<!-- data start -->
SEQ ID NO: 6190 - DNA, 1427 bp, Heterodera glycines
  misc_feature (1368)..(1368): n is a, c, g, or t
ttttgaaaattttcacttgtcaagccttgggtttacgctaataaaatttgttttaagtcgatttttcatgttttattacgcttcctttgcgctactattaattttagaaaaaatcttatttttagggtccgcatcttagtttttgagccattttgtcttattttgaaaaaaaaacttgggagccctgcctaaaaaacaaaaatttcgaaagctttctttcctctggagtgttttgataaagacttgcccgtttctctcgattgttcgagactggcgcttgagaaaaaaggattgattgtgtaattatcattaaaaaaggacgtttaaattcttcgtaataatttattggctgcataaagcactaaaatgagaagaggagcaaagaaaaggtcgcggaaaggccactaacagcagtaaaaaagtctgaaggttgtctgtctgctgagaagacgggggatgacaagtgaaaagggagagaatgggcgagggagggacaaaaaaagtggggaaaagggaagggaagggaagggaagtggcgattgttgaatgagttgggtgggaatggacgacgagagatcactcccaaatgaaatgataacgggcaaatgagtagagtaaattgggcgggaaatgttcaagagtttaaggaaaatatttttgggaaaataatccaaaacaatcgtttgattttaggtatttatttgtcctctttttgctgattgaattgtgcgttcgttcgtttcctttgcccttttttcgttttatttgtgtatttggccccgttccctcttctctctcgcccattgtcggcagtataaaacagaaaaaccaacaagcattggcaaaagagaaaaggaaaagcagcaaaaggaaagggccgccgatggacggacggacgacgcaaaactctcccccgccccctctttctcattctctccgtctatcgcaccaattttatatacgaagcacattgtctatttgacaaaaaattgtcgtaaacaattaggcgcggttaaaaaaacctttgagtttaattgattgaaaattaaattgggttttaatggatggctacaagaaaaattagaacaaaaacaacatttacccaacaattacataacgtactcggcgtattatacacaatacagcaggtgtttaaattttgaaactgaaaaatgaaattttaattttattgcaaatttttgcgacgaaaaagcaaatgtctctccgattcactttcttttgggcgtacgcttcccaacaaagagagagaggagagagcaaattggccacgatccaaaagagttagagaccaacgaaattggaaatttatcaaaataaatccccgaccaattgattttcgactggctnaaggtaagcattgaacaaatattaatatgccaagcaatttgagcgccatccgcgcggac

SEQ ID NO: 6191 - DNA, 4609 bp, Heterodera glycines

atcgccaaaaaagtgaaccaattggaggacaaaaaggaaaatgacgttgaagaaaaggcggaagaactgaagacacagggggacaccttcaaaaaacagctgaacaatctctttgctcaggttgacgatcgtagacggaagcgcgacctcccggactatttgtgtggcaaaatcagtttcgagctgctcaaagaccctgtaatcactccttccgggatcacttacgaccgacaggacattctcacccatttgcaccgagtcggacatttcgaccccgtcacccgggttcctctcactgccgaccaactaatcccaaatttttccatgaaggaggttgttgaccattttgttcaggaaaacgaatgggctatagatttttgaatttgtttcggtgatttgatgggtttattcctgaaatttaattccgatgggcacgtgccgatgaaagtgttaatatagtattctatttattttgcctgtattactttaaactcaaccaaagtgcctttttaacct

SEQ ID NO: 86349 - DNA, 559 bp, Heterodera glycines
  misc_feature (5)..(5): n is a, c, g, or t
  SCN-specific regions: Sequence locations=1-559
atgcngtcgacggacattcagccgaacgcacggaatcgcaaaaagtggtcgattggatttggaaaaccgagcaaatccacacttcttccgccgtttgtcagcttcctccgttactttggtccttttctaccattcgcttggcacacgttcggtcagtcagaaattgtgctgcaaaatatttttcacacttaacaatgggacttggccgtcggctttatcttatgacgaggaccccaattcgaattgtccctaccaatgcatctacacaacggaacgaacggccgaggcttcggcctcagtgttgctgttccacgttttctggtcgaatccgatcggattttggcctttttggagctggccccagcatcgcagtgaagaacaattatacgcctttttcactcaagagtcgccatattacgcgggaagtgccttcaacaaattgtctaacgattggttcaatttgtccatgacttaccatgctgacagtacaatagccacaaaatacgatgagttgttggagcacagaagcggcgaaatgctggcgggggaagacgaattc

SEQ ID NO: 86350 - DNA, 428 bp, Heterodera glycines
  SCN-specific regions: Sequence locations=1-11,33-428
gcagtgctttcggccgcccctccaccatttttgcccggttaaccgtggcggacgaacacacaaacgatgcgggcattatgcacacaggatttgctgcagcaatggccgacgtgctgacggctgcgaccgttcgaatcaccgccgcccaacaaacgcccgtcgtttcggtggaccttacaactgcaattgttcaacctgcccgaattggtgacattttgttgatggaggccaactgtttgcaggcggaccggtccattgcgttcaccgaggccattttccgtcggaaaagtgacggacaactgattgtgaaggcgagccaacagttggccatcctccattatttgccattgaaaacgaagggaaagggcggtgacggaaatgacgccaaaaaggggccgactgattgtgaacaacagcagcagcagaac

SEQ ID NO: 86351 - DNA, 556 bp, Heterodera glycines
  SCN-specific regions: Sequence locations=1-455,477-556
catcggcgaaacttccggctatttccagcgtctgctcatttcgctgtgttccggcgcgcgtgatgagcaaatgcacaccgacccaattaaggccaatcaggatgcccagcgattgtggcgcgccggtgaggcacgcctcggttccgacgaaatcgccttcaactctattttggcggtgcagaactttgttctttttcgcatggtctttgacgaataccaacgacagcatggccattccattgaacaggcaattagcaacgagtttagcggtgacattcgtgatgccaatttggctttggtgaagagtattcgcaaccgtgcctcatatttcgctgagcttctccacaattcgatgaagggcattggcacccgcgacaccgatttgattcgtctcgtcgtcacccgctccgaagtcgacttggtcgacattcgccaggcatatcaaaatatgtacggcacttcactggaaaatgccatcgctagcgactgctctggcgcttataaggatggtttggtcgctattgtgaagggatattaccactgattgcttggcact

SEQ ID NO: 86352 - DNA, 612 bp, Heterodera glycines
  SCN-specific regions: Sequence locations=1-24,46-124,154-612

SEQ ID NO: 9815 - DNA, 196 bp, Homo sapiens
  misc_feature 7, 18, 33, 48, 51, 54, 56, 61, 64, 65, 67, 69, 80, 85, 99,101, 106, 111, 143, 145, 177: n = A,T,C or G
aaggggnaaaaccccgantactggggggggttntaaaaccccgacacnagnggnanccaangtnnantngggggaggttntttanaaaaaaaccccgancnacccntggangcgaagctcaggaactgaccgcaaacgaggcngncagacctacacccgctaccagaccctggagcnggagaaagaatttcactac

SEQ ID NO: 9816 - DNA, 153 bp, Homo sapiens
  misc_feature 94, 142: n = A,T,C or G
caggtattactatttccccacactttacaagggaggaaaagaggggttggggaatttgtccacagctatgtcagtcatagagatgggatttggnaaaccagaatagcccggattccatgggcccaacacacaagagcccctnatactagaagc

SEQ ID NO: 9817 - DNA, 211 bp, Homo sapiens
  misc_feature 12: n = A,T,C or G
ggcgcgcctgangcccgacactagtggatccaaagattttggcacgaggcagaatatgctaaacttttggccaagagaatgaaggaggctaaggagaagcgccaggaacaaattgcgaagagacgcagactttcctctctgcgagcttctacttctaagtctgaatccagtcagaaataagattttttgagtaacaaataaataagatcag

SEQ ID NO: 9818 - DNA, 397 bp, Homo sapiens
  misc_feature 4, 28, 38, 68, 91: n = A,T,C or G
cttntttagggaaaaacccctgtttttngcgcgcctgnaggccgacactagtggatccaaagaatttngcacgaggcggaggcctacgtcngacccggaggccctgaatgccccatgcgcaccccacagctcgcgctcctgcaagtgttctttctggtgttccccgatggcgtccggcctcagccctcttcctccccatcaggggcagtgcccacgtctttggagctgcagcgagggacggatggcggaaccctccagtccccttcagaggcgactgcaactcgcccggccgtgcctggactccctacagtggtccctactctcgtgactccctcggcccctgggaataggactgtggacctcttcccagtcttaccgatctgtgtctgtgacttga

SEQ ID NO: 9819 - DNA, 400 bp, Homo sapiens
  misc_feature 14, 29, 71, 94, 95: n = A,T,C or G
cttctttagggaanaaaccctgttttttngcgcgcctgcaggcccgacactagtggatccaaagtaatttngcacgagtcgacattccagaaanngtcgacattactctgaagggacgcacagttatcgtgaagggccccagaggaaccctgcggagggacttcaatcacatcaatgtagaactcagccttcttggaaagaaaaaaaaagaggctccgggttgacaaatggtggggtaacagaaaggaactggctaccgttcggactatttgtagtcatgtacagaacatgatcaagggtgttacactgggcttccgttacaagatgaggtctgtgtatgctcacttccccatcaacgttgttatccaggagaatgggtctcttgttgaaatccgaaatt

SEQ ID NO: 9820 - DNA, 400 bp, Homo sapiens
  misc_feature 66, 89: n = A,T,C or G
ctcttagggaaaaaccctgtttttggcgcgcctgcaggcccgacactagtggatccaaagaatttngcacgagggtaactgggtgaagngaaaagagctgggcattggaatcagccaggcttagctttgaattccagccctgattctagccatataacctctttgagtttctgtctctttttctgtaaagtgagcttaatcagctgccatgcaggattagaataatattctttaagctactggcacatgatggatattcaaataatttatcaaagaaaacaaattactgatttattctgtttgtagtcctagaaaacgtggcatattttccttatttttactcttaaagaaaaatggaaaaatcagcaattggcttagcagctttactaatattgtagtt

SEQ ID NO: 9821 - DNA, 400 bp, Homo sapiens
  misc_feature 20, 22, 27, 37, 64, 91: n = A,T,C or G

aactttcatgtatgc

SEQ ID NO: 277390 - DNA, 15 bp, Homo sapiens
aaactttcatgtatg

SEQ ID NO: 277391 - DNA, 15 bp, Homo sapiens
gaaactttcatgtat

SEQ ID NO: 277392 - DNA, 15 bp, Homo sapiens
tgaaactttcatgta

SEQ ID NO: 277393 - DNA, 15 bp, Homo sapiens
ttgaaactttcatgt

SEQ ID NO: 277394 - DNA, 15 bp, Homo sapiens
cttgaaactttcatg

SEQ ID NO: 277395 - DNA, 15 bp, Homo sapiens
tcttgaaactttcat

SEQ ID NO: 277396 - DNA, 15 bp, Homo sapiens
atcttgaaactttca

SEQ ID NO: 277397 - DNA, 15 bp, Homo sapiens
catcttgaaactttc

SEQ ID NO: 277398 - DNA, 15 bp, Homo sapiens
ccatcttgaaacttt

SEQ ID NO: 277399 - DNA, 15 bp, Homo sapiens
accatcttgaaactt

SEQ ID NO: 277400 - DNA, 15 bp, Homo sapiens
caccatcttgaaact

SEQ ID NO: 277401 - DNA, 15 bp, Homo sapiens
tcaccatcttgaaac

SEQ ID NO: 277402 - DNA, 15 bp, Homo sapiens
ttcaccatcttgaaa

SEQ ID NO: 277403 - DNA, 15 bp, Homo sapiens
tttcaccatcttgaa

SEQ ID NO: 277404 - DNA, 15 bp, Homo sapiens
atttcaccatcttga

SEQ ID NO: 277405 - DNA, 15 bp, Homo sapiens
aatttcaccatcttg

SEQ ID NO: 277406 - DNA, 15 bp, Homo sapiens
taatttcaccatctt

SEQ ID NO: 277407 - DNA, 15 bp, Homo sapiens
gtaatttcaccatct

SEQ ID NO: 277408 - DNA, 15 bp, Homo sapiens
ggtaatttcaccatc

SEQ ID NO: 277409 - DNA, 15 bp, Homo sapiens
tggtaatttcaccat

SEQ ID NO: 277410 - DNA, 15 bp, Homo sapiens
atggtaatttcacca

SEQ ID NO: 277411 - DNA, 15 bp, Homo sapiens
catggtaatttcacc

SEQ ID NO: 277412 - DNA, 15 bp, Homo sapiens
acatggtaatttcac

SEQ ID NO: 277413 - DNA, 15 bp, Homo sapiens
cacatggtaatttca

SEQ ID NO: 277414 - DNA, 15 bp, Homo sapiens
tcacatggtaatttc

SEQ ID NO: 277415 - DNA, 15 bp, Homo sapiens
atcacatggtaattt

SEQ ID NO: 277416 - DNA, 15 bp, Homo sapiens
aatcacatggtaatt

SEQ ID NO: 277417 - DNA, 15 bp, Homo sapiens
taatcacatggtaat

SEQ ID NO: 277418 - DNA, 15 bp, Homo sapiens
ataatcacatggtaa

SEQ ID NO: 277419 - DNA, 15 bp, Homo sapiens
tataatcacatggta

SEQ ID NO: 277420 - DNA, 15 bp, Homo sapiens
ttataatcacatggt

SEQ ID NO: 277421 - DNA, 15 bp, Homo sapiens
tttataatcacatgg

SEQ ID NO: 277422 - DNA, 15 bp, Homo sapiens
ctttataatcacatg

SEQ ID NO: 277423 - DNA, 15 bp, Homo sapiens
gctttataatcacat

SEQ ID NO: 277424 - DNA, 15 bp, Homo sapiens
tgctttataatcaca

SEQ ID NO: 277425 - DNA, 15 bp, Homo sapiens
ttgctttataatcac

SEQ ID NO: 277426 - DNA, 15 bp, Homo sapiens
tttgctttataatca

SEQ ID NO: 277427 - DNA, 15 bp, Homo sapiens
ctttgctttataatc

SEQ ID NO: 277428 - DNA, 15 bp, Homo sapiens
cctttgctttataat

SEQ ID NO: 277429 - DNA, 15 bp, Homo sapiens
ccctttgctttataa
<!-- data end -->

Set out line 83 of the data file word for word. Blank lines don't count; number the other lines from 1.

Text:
SEQ ID NO: 277412 - DNA, 15 bp, Homo sapiens